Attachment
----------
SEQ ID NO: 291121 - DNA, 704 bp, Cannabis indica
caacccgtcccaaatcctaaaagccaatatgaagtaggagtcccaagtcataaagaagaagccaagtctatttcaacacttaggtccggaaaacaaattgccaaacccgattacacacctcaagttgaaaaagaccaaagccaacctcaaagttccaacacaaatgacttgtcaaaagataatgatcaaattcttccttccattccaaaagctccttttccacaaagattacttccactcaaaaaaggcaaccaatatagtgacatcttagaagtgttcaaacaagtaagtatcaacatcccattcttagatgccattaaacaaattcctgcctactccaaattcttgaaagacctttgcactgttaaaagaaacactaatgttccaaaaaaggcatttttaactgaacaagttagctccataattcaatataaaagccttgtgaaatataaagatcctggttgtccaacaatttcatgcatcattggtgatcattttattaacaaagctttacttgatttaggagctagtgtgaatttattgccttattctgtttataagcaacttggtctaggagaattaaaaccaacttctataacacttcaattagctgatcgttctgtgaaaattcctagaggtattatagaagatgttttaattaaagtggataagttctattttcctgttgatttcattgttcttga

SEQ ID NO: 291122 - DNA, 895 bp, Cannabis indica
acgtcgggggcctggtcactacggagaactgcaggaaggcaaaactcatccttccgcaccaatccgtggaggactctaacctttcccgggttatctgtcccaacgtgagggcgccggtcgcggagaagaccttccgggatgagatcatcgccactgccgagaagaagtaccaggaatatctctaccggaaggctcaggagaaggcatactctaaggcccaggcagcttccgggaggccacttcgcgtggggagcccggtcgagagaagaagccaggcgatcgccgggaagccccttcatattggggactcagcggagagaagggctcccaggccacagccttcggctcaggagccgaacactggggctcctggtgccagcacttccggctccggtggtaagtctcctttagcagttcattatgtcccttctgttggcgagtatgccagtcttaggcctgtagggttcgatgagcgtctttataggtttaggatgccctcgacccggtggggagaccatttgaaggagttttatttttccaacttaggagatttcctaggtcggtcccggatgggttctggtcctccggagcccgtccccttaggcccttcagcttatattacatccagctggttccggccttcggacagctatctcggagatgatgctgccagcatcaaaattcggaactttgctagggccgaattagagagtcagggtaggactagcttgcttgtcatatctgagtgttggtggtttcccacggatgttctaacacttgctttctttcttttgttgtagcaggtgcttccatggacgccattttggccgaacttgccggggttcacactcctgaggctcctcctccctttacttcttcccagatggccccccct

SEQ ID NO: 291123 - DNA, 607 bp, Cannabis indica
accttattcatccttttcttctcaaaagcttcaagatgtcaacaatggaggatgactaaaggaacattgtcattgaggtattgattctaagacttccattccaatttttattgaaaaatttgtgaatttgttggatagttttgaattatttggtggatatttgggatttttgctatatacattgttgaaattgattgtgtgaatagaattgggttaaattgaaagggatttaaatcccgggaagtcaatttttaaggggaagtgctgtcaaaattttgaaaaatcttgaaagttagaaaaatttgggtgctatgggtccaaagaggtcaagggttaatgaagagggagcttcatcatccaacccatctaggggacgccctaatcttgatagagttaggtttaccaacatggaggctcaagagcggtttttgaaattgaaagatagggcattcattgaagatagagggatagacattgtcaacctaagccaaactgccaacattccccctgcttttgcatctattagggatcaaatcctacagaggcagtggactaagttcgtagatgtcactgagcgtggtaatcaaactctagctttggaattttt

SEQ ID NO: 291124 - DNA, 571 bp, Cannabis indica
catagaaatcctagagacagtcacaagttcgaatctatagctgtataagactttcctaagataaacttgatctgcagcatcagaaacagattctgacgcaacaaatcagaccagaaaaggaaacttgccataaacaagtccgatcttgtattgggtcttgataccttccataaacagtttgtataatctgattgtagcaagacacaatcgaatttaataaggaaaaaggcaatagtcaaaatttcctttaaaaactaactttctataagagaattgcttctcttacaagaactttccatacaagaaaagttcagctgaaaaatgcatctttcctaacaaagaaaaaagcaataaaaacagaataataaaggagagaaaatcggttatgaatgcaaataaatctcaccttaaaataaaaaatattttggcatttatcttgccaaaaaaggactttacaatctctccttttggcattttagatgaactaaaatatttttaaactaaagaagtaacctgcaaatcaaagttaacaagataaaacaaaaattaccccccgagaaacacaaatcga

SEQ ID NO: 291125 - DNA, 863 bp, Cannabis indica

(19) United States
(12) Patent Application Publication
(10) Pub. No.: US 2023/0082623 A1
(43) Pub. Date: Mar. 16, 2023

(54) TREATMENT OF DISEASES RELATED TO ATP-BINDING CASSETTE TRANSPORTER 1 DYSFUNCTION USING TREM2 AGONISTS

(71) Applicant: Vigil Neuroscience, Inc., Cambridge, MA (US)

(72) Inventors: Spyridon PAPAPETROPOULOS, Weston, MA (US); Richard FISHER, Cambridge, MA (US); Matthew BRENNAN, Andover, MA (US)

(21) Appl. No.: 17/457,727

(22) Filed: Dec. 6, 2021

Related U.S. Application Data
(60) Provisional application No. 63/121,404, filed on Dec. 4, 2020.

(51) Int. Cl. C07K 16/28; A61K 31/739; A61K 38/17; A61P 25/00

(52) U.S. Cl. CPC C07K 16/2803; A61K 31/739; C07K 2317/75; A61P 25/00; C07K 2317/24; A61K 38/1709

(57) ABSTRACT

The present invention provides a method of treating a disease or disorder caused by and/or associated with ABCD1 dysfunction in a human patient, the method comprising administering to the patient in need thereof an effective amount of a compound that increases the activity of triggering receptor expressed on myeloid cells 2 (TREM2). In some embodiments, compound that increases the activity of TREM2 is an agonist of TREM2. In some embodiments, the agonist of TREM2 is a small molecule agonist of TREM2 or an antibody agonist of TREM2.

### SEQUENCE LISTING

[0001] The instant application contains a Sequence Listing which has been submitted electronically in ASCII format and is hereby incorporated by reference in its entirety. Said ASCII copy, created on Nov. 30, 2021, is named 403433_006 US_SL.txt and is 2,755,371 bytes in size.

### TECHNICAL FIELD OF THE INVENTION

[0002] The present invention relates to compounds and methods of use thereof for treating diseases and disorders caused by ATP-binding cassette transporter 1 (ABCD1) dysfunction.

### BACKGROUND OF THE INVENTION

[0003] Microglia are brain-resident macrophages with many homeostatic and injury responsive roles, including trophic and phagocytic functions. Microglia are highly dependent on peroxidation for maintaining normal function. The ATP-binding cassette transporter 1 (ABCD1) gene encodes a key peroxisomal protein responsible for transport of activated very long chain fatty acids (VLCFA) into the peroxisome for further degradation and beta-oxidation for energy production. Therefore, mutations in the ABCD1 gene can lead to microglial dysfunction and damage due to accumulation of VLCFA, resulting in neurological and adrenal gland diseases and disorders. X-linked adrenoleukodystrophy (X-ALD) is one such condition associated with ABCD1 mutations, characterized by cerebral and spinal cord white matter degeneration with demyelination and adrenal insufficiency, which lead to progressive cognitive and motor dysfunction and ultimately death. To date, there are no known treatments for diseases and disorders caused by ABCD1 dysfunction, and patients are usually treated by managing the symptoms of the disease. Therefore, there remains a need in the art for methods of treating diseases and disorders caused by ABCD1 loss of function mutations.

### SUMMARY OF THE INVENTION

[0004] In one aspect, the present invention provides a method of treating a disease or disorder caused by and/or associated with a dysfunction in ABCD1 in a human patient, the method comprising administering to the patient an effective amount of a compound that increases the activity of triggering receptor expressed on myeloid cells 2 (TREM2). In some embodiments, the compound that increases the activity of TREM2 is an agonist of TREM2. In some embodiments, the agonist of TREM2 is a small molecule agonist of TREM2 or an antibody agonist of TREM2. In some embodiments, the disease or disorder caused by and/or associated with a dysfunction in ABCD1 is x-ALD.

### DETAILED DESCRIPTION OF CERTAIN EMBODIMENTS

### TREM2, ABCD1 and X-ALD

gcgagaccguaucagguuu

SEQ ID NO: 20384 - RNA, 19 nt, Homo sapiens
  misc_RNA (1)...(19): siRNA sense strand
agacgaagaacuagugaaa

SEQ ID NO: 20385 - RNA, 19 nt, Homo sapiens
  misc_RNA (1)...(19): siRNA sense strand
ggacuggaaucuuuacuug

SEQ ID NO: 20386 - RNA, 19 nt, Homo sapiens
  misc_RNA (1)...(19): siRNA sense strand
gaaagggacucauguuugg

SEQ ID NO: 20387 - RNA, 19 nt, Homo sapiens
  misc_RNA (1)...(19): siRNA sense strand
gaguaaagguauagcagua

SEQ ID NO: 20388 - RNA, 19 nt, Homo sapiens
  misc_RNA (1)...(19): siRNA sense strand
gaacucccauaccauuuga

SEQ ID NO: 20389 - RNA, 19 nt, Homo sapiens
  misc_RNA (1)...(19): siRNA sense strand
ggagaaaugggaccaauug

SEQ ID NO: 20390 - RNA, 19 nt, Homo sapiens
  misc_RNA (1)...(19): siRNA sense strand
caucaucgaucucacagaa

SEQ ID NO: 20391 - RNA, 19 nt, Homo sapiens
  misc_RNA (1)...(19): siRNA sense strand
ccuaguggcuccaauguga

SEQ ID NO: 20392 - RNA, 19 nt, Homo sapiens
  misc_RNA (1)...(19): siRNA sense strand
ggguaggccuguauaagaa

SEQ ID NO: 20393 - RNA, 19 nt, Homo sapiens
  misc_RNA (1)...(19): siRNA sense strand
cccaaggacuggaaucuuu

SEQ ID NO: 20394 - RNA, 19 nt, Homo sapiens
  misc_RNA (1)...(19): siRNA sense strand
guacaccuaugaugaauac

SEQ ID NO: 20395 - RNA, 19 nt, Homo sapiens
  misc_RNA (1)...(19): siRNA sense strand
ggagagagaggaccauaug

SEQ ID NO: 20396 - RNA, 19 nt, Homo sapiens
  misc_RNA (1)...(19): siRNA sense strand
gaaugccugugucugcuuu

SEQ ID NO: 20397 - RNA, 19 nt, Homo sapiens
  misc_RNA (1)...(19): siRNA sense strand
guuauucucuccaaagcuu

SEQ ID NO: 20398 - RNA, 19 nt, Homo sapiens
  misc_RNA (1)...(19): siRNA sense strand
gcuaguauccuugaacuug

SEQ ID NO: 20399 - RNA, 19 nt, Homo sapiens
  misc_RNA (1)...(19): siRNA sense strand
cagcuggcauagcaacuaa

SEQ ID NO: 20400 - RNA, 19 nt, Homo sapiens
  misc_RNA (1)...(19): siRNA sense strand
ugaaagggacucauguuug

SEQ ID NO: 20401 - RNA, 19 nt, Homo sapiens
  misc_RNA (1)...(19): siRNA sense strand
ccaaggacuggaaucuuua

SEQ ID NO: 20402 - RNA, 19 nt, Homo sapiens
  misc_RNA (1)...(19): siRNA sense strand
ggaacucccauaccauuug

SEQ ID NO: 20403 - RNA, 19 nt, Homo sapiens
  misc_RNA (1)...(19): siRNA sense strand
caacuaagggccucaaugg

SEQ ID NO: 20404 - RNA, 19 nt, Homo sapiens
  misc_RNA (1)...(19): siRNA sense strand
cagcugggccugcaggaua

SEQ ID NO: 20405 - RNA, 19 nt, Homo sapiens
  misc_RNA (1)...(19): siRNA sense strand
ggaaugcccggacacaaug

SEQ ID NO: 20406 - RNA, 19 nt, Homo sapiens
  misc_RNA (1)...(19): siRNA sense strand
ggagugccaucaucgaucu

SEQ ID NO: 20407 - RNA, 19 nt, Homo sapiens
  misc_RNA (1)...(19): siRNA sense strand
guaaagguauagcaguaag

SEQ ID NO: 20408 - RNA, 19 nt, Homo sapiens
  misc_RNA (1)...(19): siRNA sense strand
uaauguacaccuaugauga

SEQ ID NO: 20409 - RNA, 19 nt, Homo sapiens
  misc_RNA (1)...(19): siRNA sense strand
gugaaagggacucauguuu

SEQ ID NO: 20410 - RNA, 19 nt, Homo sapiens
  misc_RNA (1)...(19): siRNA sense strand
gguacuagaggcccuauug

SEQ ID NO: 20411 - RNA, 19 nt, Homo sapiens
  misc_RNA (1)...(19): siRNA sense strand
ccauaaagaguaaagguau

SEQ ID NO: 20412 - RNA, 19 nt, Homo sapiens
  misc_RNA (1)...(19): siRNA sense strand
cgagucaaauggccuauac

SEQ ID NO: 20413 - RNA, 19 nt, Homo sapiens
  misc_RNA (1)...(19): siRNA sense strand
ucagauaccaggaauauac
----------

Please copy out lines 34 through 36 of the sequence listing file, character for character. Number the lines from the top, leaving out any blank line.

### TREM2, ABCD1 and X-ALD

gcgagaccguaucagguuu

SEQ ID NO: 20384 - RNA, 19 nt, Homo sapiens